And with the inserted flameless color tealight!
Lit in purple!

I hope you enjoyed how I made my Plastic Soda Bottle Floral 
Candle Holder - 
A Trash to Treasure Upcycled Sustainable Craft!

Be sure to check out all the creative Trash to Treasure Sustainable Craft projects from my fellow crafters listed below:

Julie @Sum of Their Stories  - Upcycled Strawberry Vase

Gail @Purple Hues and Me - Plastic Soda Bottle Floral Candleholder

Terri @Our Good Life - Recycled Altoid Tin for the Perfect Fathers Day Gift

Mel @Decor Craft Design - DIY Raised Pot for Summer Decor

Christine @Christine’s Crafts - Create a Cute Basket from an Aerosol Lid

Allyson @Southern Sunflowers - DIY Shell Mirror for Coastal Decor

Shelly @Mimi – A Great Name for Grandma - DIY Upcycled Yard Skeleton

Jo @A Rose Tinted World - How To Make A Crumb Quilt - Make A Scrappy Quilt Block

Tuesday, June 11, 2024

Wood Veneer Edging Door Basket

I've always admired anyone who could weave a real basket - one made of some type of reed! You can find lots of DIYs on YouTube and Pinterest for woven baskets! And I really wanted to try making one. But I didn't want to go to the expense of buying flat and round reed and having to soak it in buckets of water to make a basket, so I tried using the next best thing - or so I thought. lol! Wood Veneer Edging! 

I had done some crafting using wood veneer edging that you can check out here and here. But making a basket - especially an envelope shaped basket had it's challenges and is perfect to share on this month's Creative Craft Hop! Hosted this month by  Donna @ Modern on Monticello. Donna and Sara @ @Birdz of a Feather take turns hosting each month! Thank you ladies for hosting this awesome Creative Craft Hop!  Welcome All! We are so glad you're here!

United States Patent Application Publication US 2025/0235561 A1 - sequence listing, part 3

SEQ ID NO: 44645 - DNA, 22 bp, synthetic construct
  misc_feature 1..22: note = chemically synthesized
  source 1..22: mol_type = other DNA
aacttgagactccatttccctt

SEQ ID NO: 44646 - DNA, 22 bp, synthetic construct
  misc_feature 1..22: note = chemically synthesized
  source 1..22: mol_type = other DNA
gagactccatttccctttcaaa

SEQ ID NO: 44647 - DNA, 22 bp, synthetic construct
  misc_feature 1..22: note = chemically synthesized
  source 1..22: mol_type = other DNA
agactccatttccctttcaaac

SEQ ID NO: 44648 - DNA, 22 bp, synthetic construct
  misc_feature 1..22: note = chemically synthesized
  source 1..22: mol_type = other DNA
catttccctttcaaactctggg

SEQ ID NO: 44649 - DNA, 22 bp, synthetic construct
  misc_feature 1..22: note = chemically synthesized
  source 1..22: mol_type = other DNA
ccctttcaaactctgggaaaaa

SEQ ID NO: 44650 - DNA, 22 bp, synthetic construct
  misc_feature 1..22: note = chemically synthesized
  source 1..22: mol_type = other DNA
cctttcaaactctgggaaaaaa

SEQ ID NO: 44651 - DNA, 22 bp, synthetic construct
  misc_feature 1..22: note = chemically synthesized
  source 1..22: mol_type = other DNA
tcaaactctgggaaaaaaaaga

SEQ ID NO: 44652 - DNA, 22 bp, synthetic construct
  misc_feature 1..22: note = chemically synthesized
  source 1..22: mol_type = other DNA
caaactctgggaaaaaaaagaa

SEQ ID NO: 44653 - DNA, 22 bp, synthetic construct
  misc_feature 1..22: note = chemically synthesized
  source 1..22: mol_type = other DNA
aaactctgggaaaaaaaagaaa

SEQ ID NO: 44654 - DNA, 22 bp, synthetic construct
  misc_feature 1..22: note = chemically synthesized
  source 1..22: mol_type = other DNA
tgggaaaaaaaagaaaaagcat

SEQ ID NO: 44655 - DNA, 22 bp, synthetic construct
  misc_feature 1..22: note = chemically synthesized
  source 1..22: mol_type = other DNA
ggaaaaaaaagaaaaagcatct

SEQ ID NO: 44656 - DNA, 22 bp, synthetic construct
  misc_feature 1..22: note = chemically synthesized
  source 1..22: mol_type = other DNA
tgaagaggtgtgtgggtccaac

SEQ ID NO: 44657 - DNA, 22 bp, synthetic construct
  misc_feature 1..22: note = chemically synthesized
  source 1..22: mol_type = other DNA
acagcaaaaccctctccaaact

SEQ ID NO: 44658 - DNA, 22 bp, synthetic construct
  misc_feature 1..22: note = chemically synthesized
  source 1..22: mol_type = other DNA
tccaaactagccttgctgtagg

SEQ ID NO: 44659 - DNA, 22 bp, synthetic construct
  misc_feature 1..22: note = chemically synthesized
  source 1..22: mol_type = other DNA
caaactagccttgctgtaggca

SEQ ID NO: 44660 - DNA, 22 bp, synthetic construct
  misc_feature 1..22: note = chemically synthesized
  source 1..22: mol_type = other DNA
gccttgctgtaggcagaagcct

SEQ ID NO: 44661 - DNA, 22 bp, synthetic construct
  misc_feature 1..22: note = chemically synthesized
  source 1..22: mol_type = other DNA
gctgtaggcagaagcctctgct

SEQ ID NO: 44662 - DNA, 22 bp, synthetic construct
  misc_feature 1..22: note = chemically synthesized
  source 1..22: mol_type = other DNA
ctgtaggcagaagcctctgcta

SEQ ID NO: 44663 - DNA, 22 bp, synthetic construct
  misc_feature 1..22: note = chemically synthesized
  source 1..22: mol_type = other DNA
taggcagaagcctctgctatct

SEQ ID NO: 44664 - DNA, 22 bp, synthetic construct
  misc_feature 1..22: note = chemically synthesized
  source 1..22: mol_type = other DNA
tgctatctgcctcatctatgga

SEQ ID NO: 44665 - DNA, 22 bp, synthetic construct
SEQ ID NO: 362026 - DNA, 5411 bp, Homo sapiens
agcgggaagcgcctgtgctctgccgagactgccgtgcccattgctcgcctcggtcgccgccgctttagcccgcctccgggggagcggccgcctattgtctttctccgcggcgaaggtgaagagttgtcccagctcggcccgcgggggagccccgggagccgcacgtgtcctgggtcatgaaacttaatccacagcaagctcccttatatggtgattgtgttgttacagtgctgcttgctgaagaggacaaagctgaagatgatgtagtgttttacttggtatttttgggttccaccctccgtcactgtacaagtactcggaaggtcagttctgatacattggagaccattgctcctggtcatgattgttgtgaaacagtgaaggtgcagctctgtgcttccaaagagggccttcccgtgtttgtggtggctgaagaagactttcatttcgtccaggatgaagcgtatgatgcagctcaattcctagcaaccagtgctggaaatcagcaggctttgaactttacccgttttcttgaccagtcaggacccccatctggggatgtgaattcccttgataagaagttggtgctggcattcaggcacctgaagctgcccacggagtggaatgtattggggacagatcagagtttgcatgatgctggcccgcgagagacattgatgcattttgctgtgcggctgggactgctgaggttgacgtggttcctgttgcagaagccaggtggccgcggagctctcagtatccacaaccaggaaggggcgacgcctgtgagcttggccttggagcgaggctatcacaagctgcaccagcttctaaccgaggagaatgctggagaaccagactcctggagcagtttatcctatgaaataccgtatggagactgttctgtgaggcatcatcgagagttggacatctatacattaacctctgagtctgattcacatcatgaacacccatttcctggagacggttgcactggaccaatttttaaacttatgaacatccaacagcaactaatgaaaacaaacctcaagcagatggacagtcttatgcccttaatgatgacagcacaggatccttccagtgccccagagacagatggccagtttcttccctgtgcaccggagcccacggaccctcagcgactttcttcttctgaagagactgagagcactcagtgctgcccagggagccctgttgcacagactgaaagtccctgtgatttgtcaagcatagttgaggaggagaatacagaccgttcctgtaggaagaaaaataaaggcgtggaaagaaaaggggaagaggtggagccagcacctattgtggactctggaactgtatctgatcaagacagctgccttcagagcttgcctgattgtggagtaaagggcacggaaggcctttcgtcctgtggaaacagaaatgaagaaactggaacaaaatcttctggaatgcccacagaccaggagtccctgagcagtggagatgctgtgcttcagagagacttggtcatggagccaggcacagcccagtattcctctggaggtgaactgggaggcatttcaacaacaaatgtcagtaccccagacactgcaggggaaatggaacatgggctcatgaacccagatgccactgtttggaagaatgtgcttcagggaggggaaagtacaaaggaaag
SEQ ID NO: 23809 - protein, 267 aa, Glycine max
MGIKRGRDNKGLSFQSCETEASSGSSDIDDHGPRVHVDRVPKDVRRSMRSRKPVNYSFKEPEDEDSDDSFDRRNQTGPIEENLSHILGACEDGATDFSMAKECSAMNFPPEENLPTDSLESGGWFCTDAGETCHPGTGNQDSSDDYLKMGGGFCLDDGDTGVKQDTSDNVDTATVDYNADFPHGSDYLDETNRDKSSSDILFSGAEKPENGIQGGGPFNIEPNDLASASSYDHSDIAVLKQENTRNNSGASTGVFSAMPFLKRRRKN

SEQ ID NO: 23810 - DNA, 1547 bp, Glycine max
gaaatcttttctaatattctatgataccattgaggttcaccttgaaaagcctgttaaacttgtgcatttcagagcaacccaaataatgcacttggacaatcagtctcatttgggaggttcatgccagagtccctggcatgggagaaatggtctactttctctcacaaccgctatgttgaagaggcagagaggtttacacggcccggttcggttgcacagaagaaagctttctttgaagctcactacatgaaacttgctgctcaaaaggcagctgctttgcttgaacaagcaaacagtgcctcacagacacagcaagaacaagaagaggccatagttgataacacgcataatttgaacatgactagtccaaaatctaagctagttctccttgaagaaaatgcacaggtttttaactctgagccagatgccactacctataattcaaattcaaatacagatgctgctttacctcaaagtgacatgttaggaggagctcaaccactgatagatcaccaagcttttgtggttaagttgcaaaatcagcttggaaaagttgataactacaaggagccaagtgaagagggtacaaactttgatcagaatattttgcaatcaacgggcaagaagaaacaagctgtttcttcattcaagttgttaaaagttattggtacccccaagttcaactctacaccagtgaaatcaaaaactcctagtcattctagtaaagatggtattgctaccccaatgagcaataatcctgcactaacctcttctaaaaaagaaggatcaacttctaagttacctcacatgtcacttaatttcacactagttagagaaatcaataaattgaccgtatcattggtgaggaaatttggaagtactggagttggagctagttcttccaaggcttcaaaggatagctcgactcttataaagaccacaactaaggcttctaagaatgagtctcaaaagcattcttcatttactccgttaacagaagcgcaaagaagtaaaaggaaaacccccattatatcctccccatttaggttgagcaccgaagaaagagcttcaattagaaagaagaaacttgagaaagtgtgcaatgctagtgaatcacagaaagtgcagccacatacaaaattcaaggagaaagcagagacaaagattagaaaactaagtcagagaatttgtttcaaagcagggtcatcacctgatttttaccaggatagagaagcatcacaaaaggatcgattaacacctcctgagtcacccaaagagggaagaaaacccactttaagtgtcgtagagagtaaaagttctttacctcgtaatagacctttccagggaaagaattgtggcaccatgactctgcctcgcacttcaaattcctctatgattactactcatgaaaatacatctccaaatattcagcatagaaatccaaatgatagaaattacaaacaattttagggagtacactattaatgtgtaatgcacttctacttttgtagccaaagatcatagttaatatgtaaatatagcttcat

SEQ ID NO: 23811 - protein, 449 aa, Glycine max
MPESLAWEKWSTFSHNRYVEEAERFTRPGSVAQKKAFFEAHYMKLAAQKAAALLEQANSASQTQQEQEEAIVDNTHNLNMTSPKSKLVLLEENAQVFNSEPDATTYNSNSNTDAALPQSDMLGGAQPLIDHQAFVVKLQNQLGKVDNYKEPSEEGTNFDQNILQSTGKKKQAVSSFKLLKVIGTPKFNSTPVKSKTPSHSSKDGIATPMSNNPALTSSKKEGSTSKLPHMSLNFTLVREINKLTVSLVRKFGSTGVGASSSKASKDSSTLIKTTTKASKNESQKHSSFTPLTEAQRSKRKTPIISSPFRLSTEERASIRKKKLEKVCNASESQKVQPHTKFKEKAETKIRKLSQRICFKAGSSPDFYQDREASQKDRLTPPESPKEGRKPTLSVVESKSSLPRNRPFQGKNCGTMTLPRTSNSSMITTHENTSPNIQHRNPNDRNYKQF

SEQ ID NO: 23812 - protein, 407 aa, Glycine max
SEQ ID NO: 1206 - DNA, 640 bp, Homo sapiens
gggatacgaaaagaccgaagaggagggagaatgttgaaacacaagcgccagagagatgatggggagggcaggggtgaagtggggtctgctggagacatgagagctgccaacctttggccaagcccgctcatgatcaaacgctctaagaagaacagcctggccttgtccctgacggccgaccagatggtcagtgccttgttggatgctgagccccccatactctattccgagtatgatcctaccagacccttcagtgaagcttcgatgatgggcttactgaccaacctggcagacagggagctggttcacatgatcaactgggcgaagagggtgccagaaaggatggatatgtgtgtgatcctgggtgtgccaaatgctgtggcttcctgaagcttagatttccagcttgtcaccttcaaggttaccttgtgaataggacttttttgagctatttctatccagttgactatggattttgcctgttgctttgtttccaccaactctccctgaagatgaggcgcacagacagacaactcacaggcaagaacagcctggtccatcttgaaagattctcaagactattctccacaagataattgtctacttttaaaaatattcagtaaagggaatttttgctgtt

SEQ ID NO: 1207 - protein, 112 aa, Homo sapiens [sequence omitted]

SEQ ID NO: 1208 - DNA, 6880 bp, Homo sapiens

If you're coming over from Ann @ The Apple Street Cottagewasn't her Wall Vase Makeover amazing!

At the bottom of my post I'll tell you the next stop on this hop! But be sure to visit all of the creative crafters who join this hop for some amazing inspirations! 

So let's get started with how I made my wood veneer edging door basket!

Materials Used:

Disclosure I am a participant in the Amazon Services LLC Associates Program, an affiliate advertising program designed to provide a means for us to earn fees by linking to and affiliated sites, this post may contain links. I may receive a very small commission at no cost to you! The affiliate money I earn helps pay my crafting expenses. Thanks so much for your support!

How To:

First off, this is not my design. I came across a tutorial by Juliana Deen on Pinterest for a Christmas Basket Ornament where she used flat and oval reed to make it. I enlarged the basket ornament to a size that I could use on a door or wall, plus, as I mentioned before, used wood veneer edging and round plastic rattan to make a door basket. 

First, cut sixteen strips of edging 24" long. These are actually called stakes in weaving. Turn the edging strips over to the wrong side and mark each one with a pencil line at the 12" center. Can you see the marks in the picture below? Lay out eight pieces of edging strips in a vertical position. I used yard sticks to weigh the strip ends down.